Then in 1969, a church in Michigan with a significantly larger congregation offered John a senior pastor position. It was a great opportunity and one that put the family closer to its Chicago relatives. John, Eileen, and now four daughters moved to Zeeland, where he settled in as pastor of the Second Reformed Church. He continued to write and deliver eloquent sermons that explored the intersections of faith, biblical scholarship, and topical social issues.

When John left the ministry and joined the administration of Hope College as its director of development, he was able to dovetail his two careers; carrying out the business of fundraising for a college supported by the Reformed Church was an extension of John’s faith. He found meaning and pride in his work, and for 20 years built a development program that included Hope's first-ever phone-a-thons and hilarious stories about his travels across the country.

After retiring from Hope, John remained active in the local nonprofit community as a development consultant. John served as president of the Community Foundation of Holland/Zeeland (CFHZ), president and member of the West Ottawa School Board, president and member of the Holland Historical Trust Board, and was a founding member of the OAR board (Ottagon Addiction Recovery). He received the Lindeman award from HZCF, a Distinguished Alumni award from Western Theological Seminary, and a 7 Over 70 award from Resthaven. John and Eileen were active in HASP, Century Club and the Holland Symphony. They were members of Third Reformed Church in Holland.

John was called to be a pastor, and anyone who heard him preach knows this to be true. And while he left the ministry, he never stopped being a minister. He practiced his faith, mentored many, felt the awesome gift of grace, and continued to preach and marry and bury friends and family. We remember his booming voice, his big laugh, his big smile. We remember his love of his “Leenie,” with whom he was married for 65 years; his pride in being father to Linda, Nancy, Martha and Jane; and his cherished friendships. He loved tennis, winter visits to Seaside, Florida, and summers at Les Cheneaux Landing in the Upper Peninsula. John was a member of ROMEOs and greatly enjoyed his Wednesday lunches with the guys.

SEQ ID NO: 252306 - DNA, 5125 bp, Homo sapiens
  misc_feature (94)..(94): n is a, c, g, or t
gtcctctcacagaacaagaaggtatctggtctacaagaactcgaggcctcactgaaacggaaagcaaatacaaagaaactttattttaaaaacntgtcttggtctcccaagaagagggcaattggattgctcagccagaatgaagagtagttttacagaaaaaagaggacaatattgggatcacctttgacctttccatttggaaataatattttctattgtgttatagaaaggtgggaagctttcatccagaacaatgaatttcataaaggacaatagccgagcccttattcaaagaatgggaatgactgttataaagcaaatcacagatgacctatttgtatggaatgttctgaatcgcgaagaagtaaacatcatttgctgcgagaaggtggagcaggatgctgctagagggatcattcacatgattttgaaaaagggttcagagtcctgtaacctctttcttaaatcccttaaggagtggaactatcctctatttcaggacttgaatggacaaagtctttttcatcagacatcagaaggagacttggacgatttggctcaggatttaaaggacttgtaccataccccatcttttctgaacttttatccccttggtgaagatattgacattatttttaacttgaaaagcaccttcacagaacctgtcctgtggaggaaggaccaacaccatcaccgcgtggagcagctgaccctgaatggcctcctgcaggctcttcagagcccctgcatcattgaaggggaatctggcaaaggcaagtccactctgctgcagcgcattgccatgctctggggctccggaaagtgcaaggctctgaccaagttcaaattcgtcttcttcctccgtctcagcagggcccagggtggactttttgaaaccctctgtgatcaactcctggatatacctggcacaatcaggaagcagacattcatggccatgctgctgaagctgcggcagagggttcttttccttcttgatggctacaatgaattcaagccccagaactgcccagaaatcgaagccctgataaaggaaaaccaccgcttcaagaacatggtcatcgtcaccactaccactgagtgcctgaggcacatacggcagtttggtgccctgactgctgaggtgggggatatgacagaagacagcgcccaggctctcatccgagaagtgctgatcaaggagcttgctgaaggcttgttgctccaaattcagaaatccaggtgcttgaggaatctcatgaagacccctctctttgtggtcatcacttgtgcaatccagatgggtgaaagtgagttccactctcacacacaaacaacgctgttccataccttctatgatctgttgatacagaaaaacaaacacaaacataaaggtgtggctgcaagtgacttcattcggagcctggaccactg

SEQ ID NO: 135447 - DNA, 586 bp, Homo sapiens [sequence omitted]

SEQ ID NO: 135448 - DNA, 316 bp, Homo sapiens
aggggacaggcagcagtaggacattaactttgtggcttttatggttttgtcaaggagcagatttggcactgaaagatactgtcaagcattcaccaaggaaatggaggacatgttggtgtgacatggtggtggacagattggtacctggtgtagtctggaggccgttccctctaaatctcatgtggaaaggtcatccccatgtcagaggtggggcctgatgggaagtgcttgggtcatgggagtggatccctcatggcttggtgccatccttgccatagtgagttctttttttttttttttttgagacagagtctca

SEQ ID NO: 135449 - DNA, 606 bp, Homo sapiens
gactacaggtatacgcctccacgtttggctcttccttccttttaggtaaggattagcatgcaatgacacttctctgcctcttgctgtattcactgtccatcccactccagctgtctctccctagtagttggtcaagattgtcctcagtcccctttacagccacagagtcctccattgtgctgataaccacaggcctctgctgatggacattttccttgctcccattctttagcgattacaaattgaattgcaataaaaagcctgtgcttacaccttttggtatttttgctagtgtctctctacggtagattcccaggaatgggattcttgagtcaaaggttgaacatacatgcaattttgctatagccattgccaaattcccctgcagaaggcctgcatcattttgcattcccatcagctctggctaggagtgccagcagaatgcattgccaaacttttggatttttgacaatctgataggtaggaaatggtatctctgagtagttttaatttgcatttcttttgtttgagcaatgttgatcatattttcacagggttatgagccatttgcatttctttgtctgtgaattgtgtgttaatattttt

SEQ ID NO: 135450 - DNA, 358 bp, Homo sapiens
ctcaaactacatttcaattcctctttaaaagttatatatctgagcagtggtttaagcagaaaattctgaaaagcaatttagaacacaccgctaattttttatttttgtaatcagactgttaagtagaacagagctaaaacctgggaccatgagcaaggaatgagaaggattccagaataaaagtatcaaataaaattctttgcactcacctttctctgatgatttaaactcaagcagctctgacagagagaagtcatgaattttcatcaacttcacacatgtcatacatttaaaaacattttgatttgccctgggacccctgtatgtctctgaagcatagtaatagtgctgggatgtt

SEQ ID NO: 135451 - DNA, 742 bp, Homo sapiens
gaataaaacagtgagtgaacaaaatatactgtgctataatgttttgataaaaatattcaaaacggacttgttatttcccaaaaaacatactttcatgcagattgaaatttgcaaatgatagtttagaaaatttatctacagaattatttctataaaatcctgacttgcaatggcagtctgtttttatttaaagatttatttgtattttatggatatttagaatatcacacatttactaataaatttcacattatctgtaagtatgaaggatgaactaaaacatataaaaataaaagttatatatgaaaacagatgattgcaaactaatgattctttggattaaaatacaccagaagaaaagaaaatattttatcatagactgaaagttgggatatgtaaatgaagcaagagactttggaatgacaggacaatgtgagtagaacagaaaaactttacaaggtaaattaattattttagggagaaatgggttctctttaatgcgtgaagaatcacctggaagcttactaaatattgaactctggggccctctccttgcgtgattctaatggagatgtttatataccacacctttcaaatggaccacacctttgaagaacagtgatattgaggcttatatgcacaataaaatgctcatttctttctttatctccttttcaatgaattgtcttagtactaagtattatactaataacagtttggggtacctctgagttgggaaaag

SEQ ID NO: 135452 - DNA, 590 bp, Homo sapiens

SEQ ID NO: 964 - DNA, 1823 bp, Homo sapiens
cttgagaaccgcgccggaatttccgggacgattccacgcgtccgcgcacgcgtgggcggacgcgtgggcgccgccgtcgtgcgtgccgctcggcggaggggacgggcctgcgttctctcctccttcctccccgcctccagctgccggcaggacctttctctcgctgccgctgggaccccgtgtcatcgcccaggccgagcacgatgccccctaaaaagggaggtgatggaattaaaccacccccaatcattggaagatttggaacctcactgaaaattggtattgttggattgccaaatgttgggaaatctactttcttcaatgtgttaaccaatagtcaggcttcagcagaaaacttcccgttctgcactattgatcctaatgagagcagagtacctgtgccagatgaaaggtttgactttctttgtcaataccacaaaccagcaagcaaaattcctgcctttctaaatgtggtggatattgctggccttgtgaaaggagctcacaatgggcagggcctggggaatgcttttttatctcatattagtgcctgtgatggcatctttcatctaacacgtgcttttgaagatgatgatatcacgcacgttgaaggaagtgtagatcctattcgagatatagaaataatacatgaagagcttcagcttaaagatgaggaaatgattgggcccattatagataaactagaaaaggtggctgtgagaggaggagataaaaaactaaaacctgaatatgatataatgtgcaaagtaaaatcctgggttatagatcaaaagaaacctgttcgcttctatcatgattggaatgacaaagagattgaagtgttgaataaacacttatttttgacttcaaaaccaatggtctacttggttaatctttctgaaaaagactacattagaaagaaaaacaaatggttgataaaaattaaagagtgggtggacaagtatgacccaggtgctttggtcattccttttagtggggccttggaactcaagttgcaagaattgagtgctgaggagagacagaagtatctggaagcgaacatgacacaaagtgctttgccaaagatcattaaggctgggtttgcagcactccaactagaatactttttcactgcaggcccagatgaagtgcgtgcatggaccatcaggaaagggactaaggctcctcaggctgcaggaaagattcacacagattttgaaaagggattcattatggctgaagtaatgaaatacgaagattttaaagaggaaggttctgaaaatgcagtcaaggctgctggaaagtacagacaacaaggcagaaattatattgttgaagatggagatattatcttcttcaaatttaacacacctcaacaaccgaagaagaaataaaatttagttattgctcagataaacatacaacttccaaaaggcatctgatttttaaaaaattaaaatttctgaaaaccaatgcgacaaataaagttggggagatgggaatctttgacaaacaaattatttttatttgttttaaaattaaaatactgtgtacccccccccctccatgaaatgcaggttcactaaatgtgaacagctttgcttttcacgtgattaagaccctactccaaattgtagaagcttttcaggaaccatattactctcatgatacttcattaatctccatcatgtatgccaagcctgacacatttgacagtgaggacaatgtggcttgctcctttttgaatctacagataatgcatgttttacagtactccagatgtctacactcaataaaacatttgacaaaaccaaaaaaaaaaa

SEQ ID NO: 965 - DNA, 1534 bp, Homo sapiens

A light has gone out in our family, but we will never forget how it feels to be loved and to love our dearest husband, father, brother, grandfather, great-grandfather, uncle, and friend. John was predeceased by his beloved sister Elisabeth Carlson and brothers-in-law Robert Carlson and Skip (Henry) Mugg. He is survived by Eileen; Linda and Steve Boeve, Nancy Nordstrom, Martha Kuyten, and Jane and Phil Eppard; Don and Nicole Strabbing, Rich and Sasha Strabbing, Clay and Kelsey Boersma, Kellen Boersma and Anna Battistello, Katie and Andy Queenan, Naomi Kuyten, Gabe Kuyten, Daishawn Kuyten, Madeline Eppard, and Aidan Eppard; Wally and Dianne Mugg and Carol Mugg; 12 great grandchildren; and an abundance of precious nieces, nephews, and friends.

A memorial will take place at a later time. 

Memorial contributions can be made in John’s honor to: 

Community Foundation of Holland/Zeeland
The Nordstrom Family Fund
85 East 8th Street. Suite 110
Holland MI 49423 

Family Hope Foundation
7086 8th Ave.
Jenison MI 49428 

Nordstrom Family Scholarship Fund
Hope College Development Services
P.O. Box 9000
Holland MI 49422-9000